Published on : Wednesday, November 27, 2013
ATEC has rejected claims by the Australian Council of Trade Union’s President that Australia’s Working Holiday Maker (WHM) visa impacts negatively on youth employment opportunities, highlighting clear research showing its significant economic contribution.
“The evidence is clear, WHM’s create jobs in Australia, make an enormous economic contribution and are the lifeblood of many regional towns around the country,” ATEC Chairman, John King OAM said today.
“In ATEC’s position paper The Importance of the Working Holiday Visa, we showed that for each 100 WHM visitors to Australia, 6.3 full-time equivalent (FTE) jobs are created – the notion that these visitors are taking jobs from young people is simply wrong.
“With current visitor numbers under the WHM program, this equates to around 11,000 FTE jobs in Australia.
“These visitors are only able to work for short periods of time with one employer and often help fill un-skilled and semi-skilled roles in peak periods, not long-term career positions.”
Mr King said the ATEC position paper had outlined significant consumption and spending the WHM undertakes while in Australia, staying around 8 months on average and spending over $13,000 while they are here, in turn creating more jobs.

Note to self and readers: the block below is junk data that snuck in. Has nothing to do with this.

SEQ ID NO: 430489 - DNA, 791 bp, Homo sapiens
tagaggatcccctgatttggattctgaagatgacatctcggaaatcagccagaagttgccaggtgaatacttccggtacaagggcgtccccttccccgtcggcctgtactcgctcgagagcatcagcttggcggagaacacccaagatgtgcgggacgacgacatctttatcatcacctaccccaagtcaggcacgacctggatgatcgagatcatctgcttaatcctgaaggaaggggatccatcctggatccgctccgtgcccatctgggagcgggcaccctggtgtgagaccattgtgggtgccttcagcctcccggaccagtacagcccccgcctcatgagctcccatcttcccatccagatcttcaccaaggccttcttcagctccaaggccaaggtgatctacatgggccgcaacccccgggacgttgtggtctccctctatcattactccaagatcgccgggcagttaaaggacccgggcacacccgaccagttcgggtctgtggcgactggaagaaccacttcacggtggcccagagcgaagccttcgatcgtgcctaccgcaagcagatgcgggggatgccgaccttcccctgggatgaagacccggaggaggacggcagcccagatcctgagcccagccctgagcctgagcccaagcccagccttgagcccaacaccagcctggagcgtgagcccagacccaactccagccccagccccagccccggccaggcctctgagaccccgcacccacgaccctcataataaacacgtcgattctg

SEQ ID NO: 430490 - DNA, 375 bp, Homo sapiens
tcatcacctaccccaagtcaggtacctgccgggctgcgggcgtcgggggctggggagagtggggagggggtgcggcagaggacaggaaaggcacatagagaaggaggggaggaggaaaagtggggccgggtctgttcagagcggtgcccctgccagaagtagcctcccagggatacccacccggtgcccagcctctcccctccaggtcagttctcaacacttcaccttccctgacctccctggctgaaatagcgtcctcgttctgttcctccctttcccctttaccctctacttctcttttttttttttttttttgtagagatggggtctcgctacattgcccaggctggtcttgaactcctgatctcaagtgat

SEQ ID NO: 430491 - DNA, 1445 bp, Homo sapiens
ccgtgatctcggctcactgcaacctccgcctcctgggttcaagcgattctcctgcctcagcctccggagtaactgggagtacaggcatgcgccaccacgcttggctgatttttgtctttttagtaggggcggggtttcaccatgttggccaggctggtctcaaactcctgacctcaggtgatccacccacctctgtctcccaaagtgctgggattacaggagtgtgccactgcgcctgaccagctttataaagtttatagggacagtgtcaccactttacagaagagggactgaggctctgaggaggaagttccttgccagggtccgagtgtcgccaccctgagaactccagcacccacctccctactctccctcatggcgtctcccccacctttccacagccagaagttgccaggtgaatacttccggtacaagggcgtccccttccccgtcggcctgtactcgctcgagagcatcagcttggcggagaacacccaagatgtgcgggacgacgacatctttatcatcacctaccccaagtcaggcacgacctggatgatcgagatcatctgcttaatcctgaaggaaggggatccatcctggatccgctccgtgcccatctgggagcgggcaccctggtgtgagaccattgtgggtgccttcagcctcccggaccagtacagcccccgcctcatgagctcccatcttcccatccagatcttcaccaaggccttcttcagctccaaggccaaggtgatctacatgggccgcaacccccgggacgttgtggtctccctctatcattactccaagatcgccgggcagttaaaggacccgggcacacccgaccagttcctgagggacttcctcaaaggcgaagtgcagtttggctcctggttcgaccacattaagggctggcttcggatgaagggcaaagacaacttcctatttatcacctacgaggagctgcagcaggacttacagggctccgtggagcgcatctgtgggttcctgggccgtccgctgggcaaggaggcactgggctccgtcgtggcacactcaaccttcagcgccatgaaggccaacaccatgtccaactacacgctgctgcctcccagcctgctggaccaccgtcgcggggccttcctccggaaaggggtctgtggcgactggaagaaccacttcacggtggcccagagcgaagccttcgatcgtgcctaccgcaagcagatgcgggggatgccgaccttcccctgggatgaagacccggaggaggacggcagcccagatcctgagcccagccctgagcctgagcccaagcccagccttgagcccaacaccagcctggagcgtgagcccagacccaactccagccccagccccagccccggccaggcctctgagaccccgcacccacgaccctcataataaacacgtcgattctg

“The WHM program is a significant driving force in attracting backpackers to Australia and it allows them to fund their stay and to travel locally, thus contributing to Australia’s regional economies.
“ATEC has been strongly advocating for changes to the WHV that will allow these visitors to stay longer and, therefore, spend more and our position paper showed they contribute nearly $600 million to our goods and services spend annually.
“This message from the ACTU President, Ged Kearney, is simplistic and reactive failing to recognise the jobs that WHM create – jobs that would not be available in our economy if we were to erect more barriers.
“Australian tourism faces a hugely competitive international market and each visitor is a valuable contributor to our overall economic activity.
“I would encourage Ms Kearney to look beyond the rhetoric and consider the broader economy in her comments on the contribution these visitors make to Australia’s employment creation.”
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